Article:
Adjacent to the Charlotte Inn, the Edgartown Art Gallery makes its home in a dignified white clapboard house on Summer Street. Innkeeper Gary Conover started the gallery in 1971, and its art collection extends into the reception rooms of the Charlotte Inn. This year a new manager brings his talents to the gallery, which prides itself on an elegant setting and the timeless style of its art.
Michael Stiassni comes to the Vineyard after a career in the financial world, with bases in Munich and London. A regular visitor to the Edgartown Art Gallery over the years when he has come to visit family members, he bought a painting, usually a Ray Ellis, at the gallery whenever he could. The gallery reminded him of London.
“I developed a wonderful love for the gallery,” he said in a recent interview. In the years he worked for Lehman Brothers in Europe as a senior vice president, he spent what free time he had visiting museums in Vienna, Munich, London, Paris, and Zurich.
Mr. Stiassni’s interest in art has spanned a lifetime. “An eye for good art is an innate talent,” he observed.
Mr. Conover, who became a friend through Mr. Stiassni’s visits to the gallery, introduced him to his future wife, Evie. Arriving on the Island last April, Mr. Stiassni planned to make a five-day visit to his sister in Edgartown. Instead he stayed three weeks, and his two-year romance with his wife-to-be led to their wedding at the Charlotte Inn, with Mr. Conover and his wife Paula in attendance. The decision to accept Mr. Conover’s job offer as manager of the Edgartown Art Gallery was part of the rapid course of events that Mr. Stiassni called “a renaissance of life.”
“I want to create a gallery that people are enthusiastic about,” Mr. Stiassni said. Although the Edgartown Art Gallery’s clientele tends to come from the top one percent of Americans, Mr. Stiassni doesn’t look only for expensive work, and he would like to find more young artists for the gallery. Close contact with the artist serves as important a criterion for the gallery manager as does contact with the client. Mr. Stiassni hopes eventually to help his clients as an advisor or consultant in addition to selling them artwork.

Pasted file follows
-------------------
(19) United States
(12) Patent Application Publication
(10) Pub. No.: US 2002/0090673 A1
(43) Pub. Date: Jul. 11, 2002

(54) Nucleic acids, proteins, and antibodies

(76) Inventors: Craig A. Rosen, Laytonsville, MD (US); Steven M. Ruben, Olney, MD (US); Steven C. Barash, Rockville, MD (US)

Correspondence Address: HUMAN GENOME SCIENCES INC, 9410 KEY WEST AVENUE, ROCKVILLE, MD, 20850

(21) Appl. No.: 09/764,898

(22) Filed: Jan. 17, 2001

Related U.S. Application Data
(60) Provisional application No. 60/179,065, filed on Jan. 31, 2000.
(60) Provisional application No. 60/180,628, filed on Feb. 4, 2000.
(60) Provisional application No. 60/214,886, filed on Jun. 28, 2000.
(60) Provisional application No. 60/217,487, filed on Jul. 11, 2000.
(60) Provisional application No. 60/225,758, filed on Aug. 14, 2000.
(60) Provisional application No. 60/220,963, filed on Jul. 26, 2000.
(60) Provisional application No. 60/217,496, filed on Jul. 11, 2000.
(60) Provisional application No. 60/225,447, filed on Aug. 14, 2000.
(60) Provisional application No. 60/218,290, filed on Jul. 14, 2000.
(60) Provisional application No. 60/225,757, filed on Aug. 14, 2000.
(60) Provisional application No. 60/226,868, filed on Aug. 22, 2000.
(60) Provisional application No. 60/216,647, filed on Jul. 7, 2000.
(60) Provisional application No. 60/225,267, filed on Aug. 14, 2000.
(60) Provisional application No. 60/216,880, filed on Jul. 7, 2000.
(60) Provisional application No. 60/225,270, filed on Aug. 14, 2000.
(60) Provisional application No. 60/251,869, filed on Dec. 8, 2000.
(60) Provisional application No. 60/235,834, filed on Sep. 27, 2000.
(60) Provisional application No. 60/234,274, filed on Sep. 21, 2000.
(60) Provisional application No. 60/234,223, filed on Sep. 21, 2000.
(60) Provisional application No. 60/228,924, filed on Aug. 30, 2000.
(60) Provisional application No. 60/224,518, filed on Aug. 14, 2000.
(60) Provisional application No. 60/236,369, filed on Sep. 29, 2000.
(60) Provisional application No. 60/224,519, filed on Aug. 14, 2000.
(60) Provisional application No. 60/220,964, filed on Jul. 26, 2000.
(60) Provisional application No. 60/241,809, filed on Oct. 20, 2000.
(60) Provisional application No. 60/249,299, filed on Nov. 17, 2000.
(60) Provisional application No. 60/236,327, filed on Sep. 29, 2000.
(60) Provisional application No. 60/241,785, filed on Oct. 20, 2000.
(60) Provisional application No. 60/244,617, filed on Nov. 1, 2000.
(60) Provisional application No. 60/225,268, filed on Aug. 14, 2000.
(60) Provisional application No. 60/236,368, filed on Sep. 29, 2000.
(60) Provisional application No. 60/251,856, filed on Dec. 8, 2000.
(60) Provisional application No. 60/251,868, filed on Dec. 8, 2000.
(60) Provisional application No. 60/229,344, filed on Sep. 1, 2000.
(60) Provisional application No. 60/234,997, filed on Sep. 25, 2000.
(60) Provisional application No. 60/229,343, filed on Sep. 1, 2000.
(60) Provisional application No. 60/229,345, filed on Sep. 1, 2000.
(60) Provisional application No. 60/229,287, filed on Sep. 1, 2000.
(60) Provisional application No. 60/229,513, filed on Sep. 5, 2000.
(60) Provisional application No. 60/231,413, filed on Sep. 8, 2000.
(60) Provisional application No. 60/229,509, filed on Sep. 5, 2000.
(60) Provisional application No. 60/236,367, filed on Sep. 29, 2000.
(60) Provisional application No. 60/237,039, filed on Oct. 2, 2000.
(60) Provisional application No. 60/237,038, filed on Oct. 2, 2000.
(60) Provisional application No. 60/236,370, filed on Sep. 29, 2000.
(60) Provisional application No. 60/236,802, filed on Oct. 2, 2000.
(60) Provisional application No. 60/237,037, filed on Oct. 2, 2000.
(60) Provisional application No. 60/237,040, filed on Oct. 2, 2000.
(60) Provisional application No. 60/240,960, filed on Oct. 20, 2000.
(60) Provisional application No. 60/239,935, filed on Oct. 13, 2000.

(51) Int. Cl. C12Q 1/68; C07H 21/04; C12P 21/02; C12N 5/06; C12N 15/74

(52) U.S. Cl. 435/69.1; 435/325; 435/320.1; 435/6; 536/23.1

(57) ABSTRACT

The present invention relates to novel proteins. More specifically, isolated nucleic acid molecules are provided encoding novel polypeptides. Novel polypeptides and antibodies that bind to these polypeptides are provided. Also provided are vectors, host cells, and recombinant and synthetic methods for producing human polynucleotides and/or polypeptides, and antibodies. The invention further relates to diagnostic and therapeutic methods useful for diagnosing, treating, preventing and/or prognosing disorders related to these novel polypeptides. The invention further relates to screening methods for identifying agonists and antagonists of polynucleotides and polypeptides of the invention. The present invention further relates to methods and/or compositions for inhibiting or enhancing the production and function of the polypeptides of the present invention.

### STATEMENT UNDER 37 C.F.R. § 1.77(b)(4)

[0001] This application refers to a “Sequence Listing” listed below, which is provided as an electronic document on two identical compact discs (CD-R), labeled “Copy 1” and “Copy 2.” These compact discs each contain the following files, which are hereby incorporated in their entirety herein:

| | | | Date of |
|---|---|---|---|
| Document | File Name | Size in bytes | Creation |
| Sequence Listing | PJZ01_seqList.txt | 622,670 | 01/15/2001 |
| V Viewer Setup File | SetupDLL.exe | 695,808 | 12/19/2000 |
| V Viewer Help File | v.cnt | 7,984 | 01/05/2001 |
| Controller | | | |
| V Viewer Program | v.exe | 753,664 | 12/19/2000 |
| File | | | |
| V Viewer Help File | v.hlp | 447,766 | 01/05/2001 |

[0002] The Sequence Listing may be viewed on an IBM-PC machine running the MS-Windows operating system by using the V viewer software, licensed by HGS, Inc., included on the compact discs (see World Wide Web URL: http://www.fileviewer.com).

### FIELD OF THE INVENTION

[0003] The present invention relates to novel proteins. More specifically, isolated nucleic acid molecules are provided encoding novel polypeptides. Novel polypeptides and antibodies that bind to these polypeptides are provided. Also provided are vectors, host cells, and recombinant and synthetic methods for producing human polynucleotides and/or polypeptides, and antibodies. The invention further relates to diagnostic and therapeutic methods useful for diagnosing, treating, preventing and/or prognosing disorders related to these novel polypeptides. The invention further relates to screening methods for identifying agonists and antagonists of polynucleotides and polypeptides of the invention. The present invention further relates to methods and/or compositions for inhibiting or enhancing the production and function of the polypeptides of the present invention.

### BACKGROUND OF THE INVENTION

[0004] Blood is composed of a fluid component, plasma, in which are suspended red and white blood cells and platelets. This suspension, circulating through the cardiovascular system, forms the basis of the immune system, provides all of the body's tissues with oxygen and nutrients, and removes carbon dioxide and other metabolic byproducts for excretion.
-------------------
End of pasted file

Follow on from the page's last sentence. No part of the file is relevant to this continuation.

“Art is a very important part of the texture of a person,” he said. “I love the passion that art gives. It enriches the person. The gallery is founded on a great ethic by Mr. Conover.”
The gallery represents a wide spectrum of artists, both national or regional and local. Cindy House, who creates landscapes in pastel that hang in the gallery, hails from New Hampshire, and Italian-born Sergio Roffo is based in Scituate. The Pennsylvania portrait painter Bill Ewing exhibits at the Edgartown Art Gallery.
Rhode Island portrait painter David Schock does landscapes and figure paintings shown at the gallery. Other names that will be familiar to Islanders include still-life expert Eric Conklin.
“I hope that people will come in and appreciate what I am trying to do, that they will feel my love and enthusiasm,” Mr. Stiassni said.
The gallery sells antiques as well as art. In the process of revamping its website at Edgartownartgallery.com, it plans to participate in the August gallery stroll in Edgartown.
Correction: The print version of the story incorrectly stated that Ray Ellis remains a gallery mainstay and that the gallery represents painter Marjorie Mason. While the gallery continues to treasure its existing collection of paintings, it no longer represents Mr. Ellis.
The Christina Gallery represents Majorie Mason and will feature her landscapes in a show on August 9.